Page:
•  Do you feel emotionally numb or "frozen"

 

  • Do you have difficulty sleeping, insomnia, nightmares?

 

  • Do you have suicidal thoughts and feelings?

 

  •  Do you have an eating disorder- anorexia, bulimia or obesity?

 

  •  Do you have phobias, specific overwhelming fears, for instance of spiders?

 

  •  Do you have an excessive sense of self-blame, taking on inappropriate responsibility as if everything is your fault, making excessive apologies?

 

  •  Are you mistrustful of others, leading to a variety of short but intense love/hate relationships or refusing to have any relationships? 

 

  •  Do you use drugs, alcohol, sex, shopping, gambling, food, as a way to push difficult emotions and upsetting memories further away?

 

  •  Do you self-harm?

 

  •  Do you have certain chronic illnesses or chronic pain?

 

  •  Do you have ongoing depression spontaneous crying, feelings of despair and hopelessness ?

 

  •  Do you have memory lapses, especially about the trauma, a decreased ability to concentrate or feel distracted?

 

  •  Do you sometimes find yourself drifting off and losing a sense of oneself, losing periods of time and feeling like you are completely two or more different people? Perhaps everything and everybody seem unreal, strange, or foreign? 

 Below is a list of problems and complaints that people sometimes have in response to stressful life experiences. If you can answer yes to one or more of the following questions, perhaps you are experiencing symptoms associated with unresolved trauma.
To find out about which therapy helps heal the impact of trauma, please click on the Psychotherapies page- Art Therapy, EMDR and Couple therapy for survivors of childhood trauma.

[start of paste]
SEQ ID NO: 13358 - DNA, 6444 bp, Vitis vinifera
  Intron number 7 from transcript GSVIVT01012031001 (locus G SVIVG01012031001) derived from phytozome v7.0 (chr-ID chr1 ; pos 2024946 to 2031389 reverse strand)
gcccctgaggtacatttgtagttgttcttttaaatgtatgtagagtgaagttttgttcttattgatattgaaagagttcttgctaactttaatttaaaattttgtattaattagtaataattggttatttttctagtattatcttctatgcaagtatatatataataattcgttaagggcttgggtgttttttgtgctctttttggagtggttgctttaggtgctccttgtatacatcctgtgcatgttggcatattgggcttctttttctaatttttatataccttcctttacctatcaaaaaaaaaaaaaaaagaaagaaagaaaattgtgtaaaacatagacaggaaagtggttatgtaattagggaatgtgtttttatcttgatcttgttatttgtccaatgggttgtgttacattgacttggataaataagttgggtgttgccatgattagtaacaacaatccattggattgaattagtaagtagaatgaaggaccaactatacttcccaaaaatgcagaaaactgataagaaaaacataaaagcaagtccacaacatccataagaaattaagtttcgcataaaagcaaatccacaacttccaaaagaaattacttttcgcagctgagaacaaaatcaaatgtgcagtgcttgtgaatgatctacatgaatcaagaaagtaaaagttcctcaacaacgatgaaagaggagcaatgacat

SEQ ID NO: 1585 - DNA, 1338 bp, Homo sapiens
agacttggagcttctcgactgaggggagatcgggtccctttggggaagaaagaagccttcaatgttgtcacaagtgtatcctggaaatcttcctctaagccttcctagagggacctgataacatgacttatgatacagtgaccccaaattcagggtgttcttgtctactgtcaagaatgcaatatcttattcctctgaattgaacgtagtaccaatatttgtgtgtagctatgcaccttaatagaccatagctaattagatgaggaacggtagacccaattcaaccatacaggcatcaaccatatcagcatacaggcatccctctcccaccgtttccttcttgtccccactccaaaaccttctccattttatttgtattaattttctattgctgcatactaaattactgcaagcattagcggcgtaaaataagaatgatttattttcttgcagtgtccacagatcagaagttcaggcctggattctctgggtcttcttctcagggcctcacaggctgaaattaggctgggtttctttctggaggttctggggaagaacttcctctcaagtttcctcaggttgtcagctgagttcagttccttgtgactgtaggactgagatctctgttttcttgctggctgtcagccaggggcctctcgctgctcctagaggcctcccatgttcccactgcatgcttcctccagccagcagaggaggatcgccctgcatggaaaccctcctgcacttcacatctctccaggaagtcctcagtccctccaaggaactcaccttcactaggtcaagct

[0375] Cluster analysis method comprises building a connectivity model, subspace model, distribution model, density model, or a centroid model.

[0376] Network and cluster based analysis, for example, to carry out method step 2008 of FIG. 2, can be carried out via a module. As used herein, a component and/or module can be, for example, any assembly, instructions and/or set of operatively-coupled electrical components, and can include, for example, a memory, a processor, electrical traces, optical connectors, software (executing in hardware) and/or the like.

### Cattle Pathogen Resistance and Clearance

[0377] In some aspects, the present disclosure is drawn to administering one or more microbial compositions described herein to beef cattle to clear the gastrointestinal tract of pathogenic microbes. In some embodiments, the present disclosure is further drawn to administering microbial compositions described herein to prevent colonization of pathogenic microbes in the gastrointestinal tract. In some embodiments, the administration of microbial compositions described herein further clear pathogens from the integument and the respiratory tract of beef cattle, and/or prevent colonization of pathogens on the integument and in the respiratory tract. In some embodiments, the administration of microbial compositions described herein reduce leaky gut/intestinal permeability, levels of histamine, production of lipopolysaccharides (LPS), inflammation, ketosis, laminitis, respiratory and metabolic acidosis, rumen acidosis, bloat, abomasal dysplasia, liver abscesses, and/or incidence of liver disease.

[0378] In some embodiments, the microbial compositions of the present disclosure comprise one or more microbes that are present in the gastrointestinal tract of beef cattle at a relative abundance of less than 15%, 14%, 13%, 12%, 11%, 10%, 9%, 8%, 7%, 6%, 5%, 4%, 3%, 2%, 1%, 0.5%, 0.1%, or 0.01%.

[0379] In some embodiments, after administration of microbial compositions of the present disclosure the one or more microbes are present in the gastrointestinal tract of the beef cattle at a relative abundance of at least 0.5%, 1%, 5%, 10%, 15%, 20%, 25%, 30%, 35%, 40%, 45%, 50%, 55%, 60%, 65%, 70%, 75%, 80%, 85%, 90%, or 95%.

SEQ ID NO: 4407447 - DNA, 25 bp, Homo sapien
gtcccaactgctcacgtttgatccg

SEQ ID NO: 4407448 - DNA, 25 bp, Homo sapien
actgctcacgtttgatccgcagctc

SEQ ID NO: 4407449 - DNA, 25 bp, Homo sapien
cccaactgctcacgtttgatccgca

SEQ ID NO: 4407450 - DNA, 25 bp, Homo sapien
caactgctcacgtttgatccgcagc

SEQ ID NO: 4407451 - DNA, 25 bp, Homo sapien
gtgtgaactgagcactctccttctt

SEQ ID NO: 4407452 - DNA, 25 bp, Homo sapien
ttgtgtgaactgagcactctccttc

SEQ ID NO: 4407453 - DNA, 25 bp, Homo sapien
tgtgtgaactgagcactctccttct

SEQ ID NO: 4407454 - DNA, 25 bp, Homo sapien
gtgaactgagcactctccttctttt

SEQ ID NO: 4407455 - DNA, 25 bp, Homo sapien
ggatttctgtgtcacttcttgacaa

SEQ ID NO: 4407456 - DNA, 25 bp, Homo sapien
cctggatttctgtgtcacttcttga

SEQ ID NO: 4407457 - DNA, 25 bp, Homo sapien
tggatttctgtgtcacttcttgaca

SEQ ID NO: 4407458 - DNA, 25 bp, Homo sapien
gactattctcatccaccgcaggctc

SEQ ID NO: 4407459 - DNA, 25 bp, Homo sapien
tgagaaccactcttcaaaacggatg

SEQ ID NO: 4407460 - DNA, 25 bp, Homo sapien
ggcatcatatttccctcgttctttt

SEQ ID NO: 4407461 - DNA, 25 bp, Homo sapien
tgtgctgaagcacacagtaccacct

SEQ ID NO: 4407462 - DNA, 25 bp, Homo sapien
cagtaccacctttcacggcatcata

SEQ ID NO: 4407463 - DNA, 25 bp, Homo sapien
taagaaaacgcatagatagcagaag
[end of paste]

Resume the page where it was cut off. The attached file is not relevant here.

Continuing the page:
If you have any questions regarding treatment, please don't hesitate to contact me by - phone, text or email. 
Healing from Trauma

Nobody can "treat"  a war, or abuse, rape, molestation, or any other horrendous events, for that matter; what has happened cannot be undone.

But what can be dealt with are the imprints of the trauma on the body, mind, and soul: the self-loathing; the nightmares and flashbacks; the fog that keeps you from staying on task and from engaging fully in what you are doing; being unable to fully open your heart to another human being.

The challenge of recovery is to reestablish ownership of your body and your mind - of your self. This means feeling free to know what you know and to feel what you feel without becoming overwhelmed, enraged, ashamed, or collapsed. For most people this involves (1) finding a way to become calm and focused, (2) learning to maintain that calm in response to images, thoughts, sounds, or physical sensations that remind you of the past, (3) finding a way to be fully alive in the present and engaged with the people around you, (4) not having to keep secrets from yourself, including secrets about the ways that you have managed to survive.

 

Bessel Van Der Kolk,

The Body Keeps the Score. Mind, Brain and Body in the Transformation of Trauma